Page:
A recent ruling by the Constitutional Court clarified sections of the Labour Relations Act, confirming that in the case of an employee assigned to a client company by a Temporary Employment Service (TES), or labour broker, for the first three months the TES is the employer, after which the client becomes the sole employer.
This is a broadly positive development, in that it will encourage businesses to take a more critical look at their employment practices and to appreciate the strategic importance of the human resources function in directing flexible employment practices.
It will also help to curtail some of the abusive labour practices that have arisen on the part of client businesses and labour brokers themselves.
Since its appearance in South Africa following the passing of the Labour Relations Act of 1995, labour broking has allowed client businesses to introduce a degree of flexibility into their employment practices.
This is vital in industries with large seasonal fluctuations in labour requirements, or in manufacturing, where a company’s labour needs change as it gains and loses contracts.
The TES sector has become an integral part of the economy. A study by Bhorat, Cassim and Yu1 estimated that the TES subsector created 6.4% of South African employment in 2013, more than agriculture (5.1%), utilities (0.9%) and mining (3.1%).
In the mid-nineties, the Labour Relations Act was promulgated to resolve issues around what was previously termed “casual labour”. This period coincided with the rise of globalisation. South Africa faced pressure to compete globally against lean manufacturing with its lower employment costs and greater labour flexibility.
Labour broking arose to fulfil this need. It did bring a degree of adaptability into business, but there was abuse and the subsector needed to be better regulated.
In 2015, new amendments to the Labour Relations Act stated that the client and the labour broker were jointly and severally liable for employees. But this still didn’t define exactly who the employer was. The Constitutional Court ruling now clarifies this issue.
TES has come to be a source of entry-level jobs for many workers without skills or qualifications – a crucial opportunity for people to enter the job market. This is a key outcome in view of South Africa’s immorally high unemployment rate.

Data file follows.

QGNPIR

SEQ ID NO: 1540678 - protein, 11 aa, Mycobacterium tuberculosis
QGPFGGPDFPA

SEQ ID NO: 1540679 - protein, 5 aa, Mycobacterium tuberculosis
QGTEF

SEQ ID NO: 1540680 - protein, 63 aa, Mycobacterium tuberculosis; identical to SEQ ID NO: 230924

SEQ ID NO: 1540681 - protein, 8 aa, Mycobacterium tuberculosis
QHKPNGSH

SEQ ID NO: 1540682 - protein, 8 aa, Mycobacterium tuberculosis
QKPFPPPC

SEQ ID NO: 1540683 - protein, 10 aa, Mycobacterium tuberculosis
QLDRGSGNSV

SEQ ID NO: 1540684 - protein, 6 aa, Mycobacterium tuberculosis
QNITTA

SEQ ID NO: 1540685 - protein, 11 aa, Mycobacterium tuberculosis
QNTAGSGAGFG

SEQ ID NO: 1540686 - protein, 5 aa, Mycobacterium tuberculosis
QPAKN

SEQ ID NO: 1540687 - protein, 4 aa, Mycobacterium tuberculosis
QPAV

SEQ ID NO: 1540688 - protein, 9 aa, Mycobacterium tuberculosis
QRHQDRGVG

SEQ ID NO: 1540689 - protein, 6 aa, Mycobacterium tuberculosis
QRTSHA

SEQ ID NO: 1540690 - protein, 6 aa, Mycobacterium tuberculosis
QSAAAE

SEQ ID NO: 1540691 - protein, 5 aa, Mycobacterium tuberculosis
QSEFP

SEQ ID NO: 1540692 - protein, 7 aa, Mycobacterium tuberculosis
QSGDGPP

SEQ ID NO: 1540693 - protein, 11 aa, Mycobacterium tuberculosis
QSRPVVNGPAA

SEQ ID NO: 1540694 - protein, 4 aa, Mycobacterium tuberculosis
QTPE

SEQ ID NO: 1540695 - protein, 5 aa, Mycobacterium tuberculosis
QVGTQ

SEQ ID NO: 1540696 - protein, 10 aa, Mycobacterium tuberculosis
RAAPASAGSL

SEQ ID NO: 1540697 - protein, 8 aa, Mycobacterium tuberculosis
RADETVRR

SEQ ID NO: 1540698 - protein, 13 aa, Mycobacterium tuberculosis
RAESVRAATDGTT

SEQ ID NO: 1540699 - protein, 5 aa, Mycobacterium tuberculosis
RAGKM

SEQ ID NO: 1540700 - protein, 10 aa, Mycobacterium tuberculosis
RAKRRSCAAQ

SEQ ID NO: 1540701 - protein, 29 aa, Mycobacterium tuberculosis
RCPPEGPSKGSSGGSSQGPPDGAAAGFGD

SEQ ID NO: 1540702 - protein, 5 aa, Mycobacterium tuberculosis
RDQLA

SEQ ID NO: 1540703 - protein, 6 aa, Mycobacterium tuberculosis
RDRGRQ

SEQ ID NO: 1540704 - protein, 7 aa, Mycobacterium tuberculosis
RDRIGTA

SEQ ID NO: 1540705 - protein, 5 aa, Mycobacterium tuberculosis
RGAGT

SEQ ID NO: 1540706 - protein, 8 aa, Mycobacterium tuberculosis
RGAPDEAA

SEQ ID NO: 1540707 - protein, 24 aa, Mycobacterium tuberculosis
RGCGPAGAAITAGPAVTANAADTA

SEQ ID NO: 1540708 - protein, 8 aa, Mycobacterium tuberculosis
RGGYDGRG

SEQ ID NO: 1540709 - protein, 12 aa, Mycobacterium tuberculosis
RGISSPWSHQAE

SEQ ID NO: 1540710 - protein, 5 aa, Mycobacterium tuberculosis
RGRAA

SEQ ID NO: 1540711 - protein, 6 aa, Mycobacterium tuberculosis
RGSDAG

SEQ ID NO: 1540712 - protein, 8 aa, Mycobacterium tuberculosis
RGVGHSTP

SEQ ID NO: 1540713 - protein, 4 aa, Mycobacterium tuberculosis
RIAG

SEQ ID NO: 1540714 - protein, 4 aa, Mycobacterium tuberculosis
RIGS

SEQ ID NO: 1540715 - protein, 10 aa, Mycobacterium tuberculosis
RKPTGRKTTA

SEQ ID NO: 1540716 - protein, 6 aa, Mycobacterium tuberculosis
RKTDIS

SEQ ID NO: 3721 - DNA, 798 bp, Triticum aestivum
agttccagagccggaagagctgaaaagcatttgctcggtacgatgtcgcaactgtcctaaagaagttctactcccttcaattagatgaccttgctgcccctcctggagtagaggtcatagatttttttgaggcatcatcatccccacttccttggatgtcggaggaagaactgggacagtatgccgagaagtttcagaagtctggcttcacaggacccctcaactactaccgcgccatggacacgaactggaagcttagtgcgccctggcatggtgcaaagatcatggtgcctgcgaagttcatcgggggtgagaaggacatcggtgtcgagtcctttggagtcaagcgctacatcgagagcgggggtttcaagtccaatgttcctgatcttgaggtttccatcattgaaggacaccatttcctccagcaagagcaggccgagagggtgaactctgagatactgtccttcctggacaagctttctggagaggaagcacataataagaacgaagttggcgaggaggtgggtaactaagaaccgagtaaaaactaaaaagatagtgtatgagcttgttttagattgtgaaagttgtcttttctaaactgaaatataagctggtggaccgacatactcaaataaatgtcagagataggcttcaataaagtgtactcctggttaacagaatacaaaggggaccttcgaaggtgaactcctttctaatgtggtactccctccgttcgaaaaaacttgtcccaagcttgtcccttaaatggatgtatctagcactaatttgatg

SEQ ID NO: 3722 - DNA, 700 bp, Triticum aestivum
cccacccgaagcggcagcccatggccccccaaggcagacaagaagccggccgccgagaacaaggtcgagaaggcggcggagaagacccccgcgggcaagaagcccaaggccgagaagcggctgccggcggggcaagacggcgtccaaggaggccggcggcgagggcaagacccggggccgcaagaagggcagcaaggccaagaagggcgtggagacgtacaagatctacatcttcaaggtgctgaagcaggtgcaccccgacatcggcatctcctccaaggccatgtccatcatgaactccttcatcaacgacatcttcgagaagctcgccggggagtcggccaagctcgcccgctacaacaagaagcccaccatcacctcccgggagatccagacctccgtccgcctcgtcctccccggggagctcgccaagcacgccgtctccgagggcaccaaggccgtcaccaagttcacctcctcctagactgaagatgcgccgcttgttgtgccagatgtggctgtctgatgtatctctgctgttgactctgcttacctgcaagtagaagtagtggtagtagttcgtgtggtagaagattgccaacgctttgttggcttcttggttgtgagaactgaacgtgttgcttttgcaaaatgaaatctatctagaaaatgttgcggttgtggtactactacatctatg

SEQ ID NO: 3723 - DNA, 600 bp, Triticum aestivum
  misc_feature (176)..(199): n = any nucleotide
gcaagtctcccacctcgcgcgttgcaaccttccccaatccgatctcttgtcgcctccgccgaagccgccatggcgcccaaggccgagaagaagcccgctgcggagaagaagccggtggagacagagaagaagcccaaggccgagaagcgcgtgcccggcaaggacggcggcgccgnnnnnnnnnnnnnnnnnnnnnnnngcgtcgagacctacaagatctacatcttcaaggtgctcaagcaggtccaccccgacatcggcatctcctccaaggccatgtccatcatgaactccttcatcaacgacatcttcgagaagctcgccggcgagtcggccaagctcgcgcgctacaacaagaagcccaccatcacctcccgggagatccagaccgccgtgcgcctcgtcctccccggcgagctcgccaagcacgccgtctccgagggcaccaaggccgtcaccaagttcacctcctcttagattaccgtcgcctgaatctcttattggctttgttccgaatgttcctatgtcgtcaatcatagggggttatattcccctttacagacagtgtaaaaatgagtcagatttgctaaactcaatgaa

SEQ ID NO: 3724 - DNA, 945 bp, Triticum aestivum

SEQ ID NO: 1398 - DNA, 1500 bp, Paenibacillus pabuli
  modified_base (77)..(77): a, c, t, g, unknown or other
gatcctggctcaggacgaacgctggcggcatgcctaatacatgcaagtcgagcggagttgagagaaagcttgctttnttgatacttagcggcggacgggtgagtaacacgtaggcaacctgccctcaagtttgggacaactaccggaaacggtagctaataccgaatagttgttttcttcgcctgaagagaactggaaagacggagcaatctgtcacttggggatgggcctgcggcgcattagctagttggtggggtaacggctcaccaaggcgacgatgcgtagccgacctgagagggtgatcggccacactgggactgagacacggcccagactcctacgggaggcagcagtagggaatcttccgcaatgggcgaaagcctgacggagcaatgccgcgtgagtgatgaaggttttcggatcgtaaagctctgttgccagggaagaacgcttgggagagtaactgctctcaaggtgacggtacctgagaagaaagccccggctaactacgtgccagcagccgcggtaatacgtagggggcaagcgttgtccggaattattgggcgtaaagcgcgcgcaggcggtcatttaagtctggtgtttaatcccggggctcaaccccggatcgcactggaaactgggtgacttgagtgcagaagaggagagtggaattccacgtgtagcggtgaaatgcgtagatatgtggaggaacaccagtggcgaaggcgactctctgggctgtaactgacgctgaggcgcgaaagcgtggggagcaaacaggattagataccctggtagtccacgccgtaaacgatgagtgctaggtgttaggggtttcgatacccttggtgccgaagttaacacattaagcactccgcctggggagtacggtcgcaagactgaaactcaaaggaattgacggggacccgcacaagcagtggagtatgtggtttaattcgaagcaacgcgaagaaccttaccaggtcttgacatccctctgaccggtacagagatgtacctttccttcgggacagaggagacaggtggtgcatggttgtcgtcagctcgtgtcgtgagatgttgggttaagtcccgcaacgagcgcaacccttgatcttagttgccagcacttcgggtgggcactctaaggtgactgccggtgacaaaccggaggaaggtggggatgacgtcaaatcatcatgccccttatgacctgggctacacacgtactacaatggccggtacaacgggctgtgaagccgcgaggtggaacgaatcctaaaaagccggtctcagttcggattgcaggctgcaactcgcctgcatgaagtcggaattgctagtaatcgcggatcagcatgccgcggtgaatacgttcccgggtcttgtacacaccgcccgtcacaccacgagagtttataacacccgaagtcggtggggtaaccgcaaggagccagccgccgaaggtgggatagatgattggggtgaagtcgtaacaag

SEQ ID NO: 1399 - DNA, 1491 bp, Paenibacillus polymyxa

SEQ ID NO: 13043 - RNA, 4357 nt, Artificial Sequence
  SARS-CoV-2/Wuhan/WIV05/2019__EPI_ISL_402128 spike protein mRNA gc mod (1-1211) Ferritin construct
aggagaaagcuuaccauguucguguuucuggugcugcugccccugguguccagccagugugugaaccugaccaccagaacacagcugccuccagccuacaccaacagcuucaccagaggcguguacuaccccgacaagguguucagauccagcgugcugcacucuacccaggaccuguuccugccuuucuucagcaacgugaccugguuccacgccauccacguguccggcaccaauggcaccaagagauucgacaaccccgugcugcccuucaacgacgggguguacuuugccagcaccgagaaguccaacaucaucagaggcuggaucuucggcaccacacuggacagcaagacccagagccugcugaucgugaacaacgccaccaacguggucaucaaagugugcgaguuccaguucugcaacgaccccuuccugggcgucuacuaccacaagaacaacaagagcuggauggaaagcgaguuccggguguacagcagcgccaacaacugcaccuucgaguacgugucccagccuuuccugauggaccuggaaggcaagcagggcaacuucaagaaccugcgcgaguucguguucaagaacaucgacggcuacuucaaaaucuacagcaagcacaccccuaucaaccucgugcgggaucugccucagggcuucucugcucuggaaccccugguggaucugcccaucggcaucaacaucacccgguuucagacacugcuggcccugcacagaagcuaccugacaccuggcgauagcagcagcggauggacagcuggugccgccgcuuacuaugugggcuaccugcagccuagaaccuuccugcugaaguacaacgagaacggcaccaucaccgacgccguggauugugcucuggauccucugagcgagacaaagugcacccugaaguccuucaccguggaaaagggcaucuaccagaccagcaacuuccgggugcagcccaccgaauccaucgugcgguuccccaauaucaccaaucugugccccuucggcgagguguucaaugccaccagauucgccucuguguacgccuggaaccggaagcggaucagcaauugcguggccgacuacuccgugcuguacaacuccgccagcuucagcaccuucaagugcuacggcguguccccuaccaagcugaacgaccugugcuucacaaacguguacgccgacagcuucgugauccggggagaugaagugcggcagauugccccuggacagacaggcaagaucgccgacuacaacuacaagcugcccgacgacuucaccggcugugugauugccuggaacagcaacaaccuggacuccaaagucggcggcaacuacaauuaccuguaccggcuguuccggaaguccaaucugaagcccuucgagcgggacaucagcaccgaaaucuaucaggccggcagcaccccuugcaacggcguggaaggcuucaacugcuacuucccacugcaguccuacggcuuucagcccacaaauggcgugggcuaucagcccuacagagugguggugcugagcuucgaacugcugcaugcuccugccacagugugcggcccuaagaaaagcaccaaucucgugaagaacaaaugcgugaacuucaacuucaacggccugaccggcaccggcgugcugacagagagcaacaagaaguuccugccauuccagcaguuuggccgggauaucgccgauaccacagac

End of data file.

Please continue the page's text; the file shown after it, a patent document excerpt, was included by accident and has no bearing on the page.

The best available tool for resolving our unemployment challenge remains inclusive GDP growth. To drive it, South Africa must attract investment that creates jobs.
However, South African labour productivity rates below average on the OECD Global Productivity Index, making the country only marginally attractive to potential investors. Our strong labour legislation is a great protector of workers’ rights, but there still needs to be labour flexibility if we are to compete globally and attract future investment.
A problem many businesses grapple with is how to adapt their human-resourcing model to changes in the economy and to business requirements. Labour legislation, and rulings like the recent one, may make employers more cautious when it comes to employing people.
But what they really need to do is carefully rethink their manpower plans and their employment practices. The balance between permanent staff, fixed-term staff, staff sourced from temporary employment services and independent contractors will be a key determinant of the firm’s efficiency.
Companies need to be more forward-thinking in managing their human resources – one of their most vital assets. How they manage their people while protecting their rights and maintaining some adaptability will have a massive bearing on the success of the business.
This will mean the HR function will assume greater importance within organisations to drive staff optimisation. Where there are HR capacity limitations, specialist consultants with in-depth knowledge of staff optimisation practices will be needed in an advisory capacity.
It’s time for a more critical look at human resources. We need a different kind of HR practitioner, one with skills beyond the transactional admin role, with the ability to support a business’s strategic vision, who can reconcile worker rights with company productivity.
Temporary employment services will still have a role within this context, given their significant contribution to the GDP, to employment, and as a gateway into the world of work for new entrants to the labour market.
- Temporary Employment Services in South Africa: Assessing the industry’s economic contribution; Haroon Bhorat, Aalia Cassim & Derek Yu. http://www.lmip.org.za/document/temporary-employment-services-south-africa-assessing-industry%E2%80%99s-economic-contribution
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